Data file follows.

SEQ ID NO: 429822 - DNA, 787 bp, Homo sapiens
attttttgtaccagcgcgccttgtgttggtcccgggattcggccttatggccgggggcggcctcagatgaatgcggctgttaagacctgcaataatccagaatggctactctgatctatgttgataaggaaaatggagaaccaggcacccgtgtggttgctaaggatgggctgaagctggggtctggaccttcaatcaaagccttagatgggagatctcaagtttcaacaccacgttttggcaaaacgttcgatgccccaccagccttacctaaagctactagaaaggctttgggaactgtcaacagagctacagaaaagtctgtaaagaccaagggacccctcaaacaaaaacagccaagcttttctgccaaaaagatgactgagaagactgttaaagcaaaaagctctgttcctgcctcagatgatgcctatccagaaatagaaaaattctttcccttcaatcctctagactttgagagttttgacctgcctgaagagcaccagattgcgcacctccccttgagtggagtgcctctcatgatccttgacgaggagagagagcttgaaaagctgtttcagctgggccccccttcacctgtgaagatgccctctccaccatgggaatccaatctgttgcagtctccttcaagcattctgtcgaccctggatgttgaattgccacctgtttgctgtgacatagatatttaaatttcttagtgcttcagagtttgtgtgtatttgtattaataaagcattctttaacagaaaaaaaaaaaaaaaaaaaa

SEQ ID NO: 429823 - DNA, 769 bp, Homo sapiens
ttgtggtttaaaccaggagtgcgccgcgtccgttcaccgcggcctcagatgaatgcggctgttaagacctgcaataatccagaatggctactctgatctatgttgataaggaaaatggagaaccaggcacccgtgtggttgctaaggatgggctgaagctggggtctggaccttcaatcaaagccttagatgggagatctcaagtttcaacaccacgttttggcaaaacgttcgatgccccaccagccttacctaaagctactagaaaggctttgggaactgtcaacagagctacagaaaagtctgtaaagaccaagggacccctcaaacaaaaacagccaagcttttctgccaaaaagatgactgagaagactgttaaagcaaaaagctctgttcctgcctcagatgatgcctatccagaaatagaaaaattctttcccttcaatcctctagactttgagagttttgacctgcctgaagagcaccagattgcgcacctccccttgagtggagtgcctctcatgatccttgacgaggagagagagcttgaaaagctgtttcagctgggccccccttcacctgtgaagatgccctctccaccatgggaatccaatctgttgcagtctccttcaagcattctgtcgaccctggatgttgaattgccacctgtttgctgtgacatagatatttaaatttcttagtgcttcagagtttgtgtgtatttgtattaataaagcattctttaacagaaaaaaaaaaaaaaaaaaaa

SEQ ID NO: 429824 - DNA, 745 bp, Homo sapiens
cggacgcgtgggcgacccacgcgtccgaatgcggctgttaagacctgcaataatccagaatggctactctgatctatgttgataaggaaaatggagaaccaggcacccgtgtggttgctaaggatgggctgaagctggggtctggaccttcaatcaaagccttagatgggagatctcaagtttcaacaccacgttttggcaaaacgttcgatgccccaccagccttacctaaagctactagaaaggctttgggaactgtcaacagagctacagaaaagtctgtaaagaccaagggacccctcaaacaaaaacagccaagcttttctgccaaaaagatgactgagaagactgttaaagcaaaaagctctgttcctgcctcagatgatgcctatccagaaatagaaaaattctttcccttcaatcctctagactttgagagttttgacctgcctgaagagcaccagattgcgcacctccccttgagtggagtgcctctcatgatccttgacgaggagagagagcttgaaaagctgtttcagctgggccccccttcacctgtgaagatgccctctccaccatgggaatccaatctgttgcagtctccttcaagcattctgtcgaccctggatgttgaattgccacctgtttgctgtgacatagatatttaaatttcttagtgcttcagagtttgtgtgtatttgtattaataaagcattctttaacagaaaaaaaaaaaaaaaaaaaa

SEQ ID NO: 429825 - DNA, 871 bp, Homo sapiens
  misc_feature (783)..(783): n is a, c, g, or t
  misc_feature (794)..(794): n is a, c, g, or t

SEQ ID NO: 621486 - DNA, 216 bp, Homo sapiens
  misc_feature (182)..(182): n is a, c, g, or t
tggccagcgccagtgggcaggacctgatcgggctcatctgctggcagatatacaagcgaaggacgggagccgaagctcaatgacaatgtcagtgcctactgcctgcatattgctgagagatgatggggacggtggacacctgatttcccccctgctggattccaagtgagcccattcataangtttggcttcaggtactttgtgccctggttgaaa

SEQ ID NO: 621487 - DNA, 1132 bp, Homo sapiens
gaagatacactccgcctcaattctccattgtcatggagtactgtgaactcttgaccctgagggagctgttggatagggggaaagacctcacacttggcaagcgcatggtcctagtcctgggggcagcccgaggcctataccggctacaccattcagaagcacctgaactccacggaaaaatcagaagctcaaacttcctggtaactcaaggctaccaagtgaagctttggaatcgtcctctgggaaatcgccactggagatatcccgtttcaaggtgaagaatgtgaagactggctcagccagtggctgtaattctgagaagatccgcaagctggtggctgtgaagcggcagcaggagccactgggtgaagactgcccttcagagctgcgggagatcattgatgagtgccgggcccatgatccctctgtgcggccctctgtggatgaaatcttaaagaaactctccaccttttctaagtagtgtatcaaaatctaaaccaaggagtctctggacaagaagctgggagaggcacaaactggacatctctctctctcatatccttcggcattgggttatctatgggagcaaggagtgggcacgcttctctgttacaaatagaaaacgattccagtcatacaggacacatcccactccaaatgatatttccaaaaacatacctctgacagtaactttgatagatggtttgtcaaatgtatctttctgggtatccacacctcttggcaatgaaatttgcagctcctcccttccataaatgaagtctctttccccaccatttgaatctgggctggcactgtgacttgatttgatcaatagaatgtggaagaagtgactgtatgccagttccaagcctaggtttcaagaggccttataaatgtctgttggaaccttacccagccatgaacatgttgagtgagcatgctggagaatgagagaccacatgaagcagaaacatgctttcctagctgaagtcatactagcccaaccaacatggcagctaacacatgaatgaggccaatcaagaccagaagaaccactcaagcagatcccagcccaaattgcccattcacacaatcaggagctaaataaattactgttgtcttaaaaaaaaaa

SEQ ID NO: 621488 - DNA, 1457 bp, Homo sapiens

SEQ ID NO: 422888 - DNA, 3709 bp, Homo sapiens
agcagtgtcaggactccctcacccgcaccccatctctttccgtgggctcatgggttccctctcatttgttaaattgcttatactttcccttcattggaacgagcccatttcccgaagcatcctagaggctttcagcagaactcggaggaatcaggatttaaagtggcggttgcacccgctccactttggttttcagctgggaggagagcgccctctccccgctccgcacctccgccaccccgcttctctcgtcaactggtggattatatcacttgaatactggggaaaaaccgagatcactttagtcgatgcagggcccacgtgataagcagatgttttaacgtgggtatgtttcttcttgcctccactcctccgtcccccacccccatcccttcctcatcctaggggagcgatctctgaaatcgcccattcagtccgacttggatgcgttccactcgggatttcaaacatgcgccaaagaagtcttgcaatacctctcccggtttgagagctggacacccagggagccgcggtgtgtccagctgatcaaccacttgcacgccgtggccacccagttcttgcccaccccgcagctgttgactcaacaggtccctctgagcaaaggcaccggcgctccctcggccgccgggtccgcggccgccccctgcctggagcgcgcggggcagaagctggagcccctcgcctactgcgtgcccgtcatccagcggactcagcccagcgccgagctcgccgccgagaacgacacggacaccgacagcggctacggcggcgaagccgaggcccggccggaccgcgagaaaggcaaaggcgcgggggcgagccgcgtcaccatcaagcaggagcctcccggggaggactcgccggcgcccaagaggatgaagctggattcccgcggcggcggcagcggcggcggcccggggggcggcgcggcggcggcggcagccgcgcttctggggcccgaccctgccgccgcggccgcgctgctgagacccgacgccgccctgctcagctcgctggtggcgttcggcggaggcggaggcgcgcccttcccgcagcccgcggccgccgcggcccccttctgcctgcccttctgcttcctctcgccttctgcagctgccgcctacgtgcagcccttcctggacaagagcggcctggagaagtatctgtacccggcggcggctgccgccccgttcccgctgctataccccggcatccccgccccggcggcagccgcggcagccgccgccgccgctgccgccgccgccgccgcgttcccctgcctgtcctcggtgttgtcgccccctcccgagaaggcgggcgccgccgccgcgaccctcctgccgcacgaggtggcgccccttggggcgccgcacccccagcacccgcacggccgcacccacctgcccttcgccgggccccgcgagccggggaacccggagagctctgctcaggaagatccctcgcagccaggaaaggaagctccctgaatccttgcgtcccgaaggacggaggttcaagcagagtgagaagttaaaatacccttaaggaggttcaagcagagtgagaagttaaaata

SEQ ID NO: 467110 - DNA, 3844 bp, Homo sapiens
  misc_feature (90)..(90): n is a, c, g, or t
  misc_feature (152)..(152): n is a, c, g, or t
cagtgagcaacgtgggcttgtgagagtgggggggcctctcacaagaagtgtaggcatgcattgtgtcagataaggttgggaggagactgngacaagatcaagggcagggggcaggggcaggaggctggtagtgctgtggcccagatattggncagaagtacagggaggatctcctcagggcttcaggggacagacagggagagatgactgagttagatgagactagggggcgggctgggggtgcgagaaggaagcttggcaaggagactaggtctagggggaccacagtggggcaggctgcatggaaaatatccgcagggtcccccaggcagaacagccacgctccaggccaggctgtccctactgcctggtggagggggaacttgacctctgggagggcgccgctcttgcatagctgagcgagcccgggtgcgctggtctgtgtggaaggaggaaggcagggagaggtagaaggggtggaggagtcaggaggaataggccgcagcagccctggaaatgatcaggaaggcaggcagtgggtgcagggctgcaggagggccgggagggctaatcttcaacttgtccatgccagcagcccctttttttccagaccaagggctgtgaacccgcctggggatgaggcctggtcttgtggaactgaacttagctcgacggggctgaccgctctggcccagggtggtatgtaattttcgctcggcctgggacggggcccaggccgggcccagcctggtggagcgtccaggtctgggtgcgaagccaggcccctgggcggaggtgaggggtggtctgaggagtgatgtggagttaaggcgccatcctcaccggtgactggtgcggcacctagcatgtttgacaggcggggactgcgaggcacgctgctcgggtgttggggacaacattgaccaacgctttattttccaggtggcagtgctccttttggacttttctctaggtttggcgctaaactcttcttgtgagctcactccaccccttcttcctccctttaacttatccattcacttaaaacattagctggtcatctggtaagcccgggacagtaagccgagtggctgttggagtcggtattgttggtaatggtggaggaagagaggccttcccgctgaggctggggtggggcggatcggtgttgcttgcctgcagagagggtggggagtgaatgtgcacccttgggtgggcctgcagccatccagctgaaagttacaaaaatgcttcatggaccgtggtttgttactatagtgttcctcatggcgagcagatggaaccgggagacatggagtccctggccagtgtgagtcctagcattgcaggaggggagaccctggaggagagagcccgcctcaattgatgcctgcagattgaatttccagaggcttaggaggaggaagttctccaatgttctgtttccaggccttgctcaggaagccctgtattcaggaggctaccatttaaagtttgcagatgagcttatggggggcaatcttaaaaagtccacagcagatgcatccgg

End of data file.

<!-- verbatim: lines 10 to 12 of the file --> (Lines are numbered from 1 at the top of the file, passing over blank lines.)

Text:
SEQ ID NO: 621486 - DNA, 216 bp, Homo sapiens
  misc_feature (182)..(182): n is a, c, g, or t
tggccagcgccagtgggcaggacctgatcgggctcatctgctggcagatatacaagcgaaggacgggagccgaagctcaatgacaatgtcagtgcctactgcctgcatattgctgagagatgatggggacggtggacacctgatttcccccctgctggattccaagtgagcccattcataangtttggcttcaggtactttgtgccctggttgaaa